SharePoint 2010 Search
Excerpt by John Underwood | September 06, 2013
The need for enterprise search is a key driver for implementations of Microsoft SharePoint 2010 Search. The out-of-the-box SharePoint Server search features are useful, but getting the most benefit from SharePoint Server search requires configuration and customization. The SharePoint Server object model makes it possible for application developers to implement powerful custom functionality, but in many cases you can meet requirements by configuring a site in the browser.
This chapter focuses on customization of search by using the out-of-the-box features. SharePoint Server comes with two search site definitions you can use as a basis: Basic Search Center and Enterprise Search Center. Both site definitions create pages that contain Search web parts. You can use these web parts to extend sites based on the site definitions. You can also use them to create custom search pages in sites based on any site definition simply by enabling the correct set of features. SharePoint Server does not simply provide the capability to perform searches. It also enables you to tune and improve your search results to provide the most relevant information to your users.
When you consider the potential reduction in the cost of time spent looking for information and the cost of duplicated effort, it is easy to understand why customizing search is worthwhile. To this end, SharePoint Server includes reporting and optimization tools for search. With this information, you can define different types of search by defining search scopes. For example, you can create a scope to support search pages that enable users to find people within a geographic location or find documents of a particular type. SharePoint 2010 also adds a new search feature knows as refiners. Refiners, and the accompanying Refinement Panel Web Part, provide users with a quick look at the kinds of matches they are getting.
It also provides a meaningful way for users to whittle down the results by key areas such as document type, author, and origin of the search result. You can also promote specific content based on its importance or relevance. You can specify the "best bets" for searches based on specific keywords. You can improve the quality of your keywords and best bets based on what you learn by analyzing the site's usage reports.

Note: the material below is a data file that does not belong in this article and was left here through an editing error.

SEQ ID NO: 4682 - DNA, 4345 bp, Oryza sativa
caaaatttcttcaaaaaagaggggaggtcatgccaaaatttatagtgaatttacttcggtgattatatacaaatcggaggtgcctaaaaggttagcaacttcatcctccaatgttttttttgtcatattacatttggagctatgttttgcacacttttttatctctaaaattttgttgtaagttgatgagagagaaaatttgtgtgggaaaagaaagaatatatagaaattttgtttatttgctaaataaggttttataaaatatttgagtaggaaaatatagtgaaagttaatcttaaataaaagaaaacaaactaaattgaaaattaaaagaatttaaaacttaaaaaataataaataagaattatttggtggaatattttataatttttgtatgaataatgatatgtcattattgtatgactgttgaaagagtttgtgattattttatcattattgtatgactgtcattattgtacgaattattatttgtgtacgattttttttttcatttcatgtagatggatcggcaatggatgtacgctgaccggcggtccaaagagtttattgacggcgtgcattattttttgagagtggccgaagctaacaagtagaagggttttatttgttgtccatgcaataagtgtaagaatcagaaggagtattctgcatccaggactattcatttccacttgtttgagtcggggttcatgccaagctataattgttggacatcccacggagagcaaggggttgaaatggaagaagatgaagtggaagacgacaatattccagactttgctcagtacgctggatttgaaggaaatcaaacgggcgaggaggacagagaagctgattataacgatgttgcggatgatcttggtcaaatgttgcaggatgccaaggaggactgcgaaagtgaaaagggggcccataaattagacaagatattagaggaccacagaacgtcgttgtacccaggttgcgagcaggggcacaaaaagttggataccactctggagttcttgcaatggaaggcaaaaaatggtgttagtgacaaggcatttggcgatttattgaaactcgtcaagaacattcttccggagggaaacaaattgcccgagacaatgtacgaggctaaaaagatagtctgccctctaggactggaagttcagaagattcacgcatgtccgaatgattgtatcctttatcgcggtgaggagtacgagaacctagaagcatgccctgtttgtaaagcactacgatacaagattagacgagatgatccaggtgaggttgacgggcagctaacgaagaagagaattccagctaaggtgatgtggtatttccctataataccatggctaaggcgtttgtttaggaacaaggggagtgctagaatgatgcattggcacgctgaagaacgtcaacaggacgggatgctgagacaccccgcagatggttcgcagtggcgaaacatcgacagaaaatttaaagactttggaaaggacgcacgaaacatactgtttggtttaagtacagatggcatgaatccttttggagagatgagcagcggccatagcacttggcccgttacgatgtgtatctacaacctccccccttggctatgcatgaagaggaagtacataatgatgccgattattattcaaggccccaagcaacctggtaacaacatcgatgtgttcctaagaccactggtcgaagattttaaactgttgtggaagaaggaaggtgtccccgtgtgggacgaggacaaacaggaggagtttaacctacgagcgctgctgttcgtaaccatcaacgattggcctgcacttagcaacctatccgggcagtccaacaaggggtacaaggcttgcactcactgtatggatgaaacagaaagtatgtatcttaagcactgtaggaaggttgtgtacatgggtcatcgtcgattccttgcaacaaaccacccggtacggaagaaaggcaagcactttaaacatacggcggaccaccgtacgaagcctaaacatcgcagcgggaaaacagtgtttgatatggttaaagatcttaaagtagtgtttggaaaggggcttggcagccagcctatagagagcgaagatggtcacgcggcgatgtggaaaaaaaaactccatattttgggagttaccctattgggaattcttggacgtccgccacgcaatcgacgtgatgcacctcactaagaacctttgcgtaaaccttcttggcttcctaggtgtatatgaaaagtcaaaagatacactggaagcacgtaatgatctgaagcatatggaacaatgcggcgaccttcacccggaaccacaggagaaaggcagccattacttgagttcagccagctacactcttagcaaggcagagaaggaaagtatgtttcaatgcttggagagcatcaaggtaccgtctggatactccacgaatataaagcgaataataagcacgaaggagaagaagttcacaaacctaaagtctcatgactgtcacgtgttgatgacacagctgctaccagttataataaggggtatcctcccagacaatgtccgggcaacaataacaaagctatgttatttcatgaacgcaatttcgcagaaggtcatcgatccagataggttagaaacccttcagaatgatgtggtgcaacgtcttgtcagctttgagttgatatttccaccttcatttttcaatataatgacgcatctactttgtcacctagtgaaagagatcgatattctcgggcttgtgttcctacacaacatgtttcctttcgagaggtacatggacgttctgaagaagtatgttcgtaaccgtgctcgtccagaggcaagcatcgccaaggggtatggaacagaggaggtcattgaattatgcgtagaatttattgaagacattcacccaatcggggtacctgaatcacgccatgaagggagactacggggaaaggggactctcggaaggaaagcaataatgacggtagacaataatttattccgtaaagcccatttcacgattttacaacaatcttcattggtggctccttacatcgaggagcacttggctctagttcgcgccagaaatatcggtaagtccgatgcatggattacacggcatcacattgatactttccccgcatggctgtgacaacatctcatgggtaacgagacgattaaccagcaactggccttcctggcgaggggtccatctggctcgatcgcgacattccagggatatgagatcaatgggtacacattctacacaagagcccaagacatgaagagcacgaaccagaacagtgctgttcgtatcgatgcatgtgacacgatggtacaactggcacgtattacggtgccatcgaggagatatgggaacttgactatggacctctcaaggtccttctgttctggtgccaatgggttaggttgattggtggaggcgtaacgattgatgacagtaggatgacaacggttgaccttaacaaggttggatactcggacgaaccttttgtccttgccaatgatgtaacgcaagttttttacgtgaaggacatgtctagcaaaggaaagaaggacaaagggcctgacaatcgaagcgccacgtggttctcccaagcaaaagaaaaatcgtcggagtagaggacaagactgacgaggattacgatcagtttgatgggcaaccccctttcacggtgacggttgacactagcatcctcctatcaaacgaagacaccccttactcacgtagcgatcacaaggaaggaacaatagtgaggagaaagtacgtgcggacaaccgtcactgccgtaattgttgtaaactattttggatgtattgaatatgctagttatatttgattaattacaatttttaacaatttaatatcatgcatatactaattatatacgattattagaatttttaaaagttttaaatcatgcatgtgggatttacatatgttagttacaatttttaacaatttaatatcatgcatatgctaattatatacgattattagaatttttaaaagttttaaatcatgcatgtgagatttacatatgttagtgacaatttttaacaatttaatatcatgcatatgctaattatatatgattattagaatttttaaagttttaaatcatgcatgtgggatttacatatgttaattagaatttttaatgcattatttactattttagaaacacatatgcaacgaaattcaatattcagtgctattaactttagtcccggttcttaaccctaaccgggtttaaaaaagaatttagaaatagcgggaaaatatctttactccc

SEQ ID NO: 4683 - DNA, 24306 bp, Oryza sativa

Basic Search Center
As the name implies, the Basic Search Center site template provides basic search functionality. A new site based on this template has several applications pages, including:
- default.aspx for entering search queries.
- results.aspx for showing search results.
Basic Search Center supports minimal customization, and does not permit the addition of new pages. Basic Search Center works with all versions of SharePoint 2010. (For a comparison of search capabilities in versions of SharePoint 2010 visit http://go.appdev.com/?id=SXEG).
Enterprise Search Center
The Enterprise Search Center (formerly known as Search Center with Tabs) is designed to provide greater scalability and customization than that Basic Search Center template. Enterprise Search Center is available with SharePoint Server 2010 Standard and Enterprise editions. In order to use the Enterprise Search Center, the SharePoint Server Enterprise Site Collection feature and SharePoint Server Publishing Infrastructure feature must be enabled (see Figure below).
The Figure above. Required features for using Enterprise Search Center. When it comes to customization, there are two significant differences between Basic Search Center and Enterprise Search Center. First, Enterprise Search Center includes a Pages library where you can create, customize, and publish search pages. Second, Enterprise Search Center includes the ability to provide tabbed search pages. The out-of-box template includes tabs for All Sites and People. You may modify the tab to include custom pages, scopes, etc.
This post is an excerpt from the online courseware for our Microsoft SharePoint 2010: Enterprise Content Management course written by expert John Underwood.